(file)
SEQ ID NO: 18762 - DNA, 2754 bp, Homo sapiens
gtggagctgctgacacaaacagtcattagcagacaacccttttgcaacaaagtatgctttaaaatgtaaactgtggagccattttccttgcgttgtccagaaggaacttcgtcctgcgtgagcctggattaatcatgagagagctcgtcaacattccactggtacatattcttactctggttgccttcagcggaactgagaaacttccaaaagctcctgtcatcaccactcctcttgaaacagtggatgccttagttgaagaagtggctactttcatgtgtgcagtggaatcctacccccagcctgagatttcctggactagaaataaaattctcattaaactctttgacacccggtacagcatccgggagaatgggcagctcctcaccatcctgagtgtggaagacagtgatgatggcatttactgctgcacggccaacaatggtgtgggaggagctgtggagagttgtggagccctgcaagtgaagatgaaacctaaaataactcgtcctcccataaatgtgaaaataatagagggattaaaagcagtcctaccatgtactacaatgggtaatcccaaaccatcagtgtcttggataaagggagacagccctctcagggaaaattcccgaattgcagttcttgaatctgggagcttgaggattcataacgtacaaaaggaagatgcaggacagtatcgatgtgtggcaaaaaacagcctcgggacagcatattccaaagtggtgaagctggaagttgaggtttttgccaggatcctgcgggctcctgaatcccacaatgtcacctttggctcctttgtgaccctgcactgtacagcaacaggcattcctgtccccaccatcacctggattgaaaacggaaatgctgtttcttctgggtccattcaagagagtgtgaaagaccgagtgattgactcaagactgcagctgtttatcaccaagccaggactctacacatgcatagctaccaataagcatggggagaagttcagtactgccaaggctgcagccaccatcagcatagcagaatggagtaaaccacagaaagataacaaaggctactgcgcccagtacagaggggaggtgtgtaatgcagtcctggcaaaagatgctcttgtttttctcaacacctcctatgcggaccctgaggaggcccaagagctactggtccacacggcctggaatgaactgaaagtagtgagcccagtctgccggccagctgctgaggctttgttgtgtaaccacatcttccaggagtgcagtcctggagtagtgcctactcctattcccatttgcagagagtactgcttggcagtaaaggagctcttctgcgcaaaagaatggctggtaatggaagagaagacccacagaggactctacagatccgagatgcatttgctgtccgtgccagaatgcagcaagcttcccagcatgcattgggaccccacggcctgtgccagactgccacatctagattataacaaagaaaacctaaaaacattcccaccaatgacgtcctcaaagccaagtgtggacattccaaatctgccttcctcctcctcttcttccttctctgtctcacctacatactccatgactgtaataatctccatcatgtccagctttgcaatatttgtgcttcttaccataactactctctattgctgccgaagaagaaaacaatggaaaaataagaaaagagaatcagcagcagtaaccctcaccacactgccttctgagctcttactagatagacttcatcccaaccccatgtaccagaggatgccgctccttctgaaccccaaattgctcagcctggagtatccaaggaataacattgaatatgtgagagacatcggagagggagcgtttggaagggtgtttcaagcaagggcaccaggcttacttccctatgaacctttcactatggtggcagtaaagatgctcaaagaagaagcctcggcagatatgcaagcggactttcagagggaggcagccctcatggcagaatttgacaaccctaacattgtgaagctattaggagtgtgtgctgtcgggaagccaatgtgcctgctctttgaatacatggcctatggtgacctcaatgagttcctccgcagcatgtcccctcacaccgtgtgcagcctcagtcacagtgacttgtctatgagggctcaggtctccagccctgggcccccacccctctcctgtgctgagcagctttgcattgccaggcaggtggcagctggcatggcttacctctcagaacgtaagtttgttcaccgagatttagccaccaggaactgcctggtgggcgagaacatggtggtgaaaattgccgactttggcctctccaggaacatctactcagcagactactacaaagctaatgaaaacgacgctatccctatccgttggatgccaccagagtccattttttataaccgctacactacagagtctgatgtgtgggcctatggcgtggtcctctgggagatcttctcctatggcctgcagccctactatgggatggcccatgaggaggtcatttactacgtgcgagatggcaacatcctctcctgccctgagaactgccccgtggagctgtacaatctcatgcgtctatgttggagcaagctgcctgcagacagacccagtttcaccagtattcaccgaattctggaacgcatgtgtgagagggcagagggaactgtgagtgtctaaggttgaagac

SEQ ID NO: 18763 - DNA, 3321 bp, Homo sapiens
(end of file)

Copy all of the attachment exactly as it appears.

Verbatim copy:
SEQ ID NO: 18762 - DNA, 2754 bp, Homo sapiens
gtggagctgctgacacaaacagtcattagcagacaacccttttgcaacaaagtatgctttaaaatgtaaactgtggagccattttccttgcgttgtccagaaggaacttcgtcctgcgtgagcctggattaatcatgagagagctcgtcaacattccactggtacatattcttactctggttgccttcagcggaactgagaaacttccaaaagctcctgtcatcaccactcctcttgaaacagtggatgccttagttgaagaagtggctactttcatgtgtgcagtggaatcctacccccagcctgagatttcctggactagaaataaaattctcattaaactctttgacacccggtacagcatccgggagaatgggcagctcctcaccatcctgagtgtggaagacagtgatgatggcatttactgctgcacggccaacaatggtgtgggaggagctgtggagagttgtggagccctgcaagtgaagatgaaacctaaaataactcgtcctcccataaatgtgaaaataatagagggattaaaagcagtcctaccatgtactacaatgggtaatcccaaaccatcagtgtcttggataaagggagacagccctctcagggaaaattcccgaattgcagttcttgaatctgggagcttgaggattcataacgtacaaaaggaagatgcaggacagtatcgatgtgtggcaaaaaacagcctcgggacagcatattccaaagtggtgaagctggaagttgaggtttttgccaggatcctgcgggctcctgaatcccacaatgtcacctttggctcctttgtgaccctgcactgtacagcaacaggcattcctgtccccaccatcacctggattgaaaacggaaatgctgtttcttctgggtccattcaagagagtgtgaaagaccgagtgattgactcaagactgcagctgtttatcaccaagccaggactctacacatgcatagctaccaataagcatggggagaagttcagtactgccaaggctgcagccaccatcagcatagcagaatggagtaaaccacagaaagataacaaaggctactgcgcccagtacagaggggaggtgtgtaatgcagtcctggcaaaagatgctcttgtttttctcaacacctcctatgcggaccctgaggaggcccaagagctactggtccacacggcctggaatgaactgaaagtagtgagcccagtctgccggccagctgctgaggctttgttgtgtaaccacatcttccaggagtgcagtcctggagtagtgcctactcctattcccatttgcagagagtactgcttggcagtaaaggagctcttctgcgcaaaagaatggctggtaatggaagagaagacccacagaggactctacagatccgagatgcatttgctgtccgtgccagaatgcagcaagcttcccagcatgcattgggaccccacggcctgtgccagactgccacatctagattataacaaagaaaacctaaaaacattcccaccaatgacgtcctcaaagccaagtgtggacattccaaatctgccttcctcctcctcttcttccttctctgtctcacctacatactccatgactgtaataatctccatcatgtccagctttgcaatatttgtgcttcttaccataactactctctattgctgccgaagaagaaaacaatggaaaaataagaaaagagaatcagcagcagtaaccctcaccacactgccttctgagctcttactagatagacttcatcccaaccccatgtaccagaggatgccgctccttctgaaccccaaattgctcagcctggagtatccaaggaataacattgaatatgtgagagacatcggagagggagcgtttggaagggtgtttcaagcaagggcaccaggcttacttccctatgaacctttcactatggtggcagtaaagatgctcaaagaagaagcctcggcagatatgcaagcggactttcagagggaggcagccctcatggcagaatttgacaaccctaacattgtgaagctattaggagtgtgtgctgtcgggaagccaatgtgcctgctctttgaatacatggcctatggtgacctcaatgagttcctccgcagcatgtcccctcacaccgtgtgcagcctcagtcacagtgacttgtctatgagggctcaggtctccagccctgggcccccacccctctcctgtgctgagcagctttgcattgccaggcaggtggcagctggcatggcttacctctcagaacgtaagtttgttcaccgagatttagccaccaggaactgcctggtgggcgagaacatggtggtgaaaattgccgactttggcctctccaggaacatctactcagcagactactacaaagctaatgaaaacgacgctatccctatccgttggatgccaccagagtccattttttataaccgctacactacagagtctgatgtgtgggcctatggcgtggtcctctgggagatcttctcctatggcctgcagccctactatgggatggcccatgaggaggtcatttactacgtgcgagatggcaacatcctctcctgccctgagaactgccccgtggagctgtacaatctcatgcgtctatgttggagcaagctgcctgcagacagacccagtttcaccagtattcaccgaattctggaacgcatgtgtgagagggcagagggaactgtgagtgtctaaggttgaagac

SEQ ID NO: 18763 - DNA, 3321 bp, Homo sapiens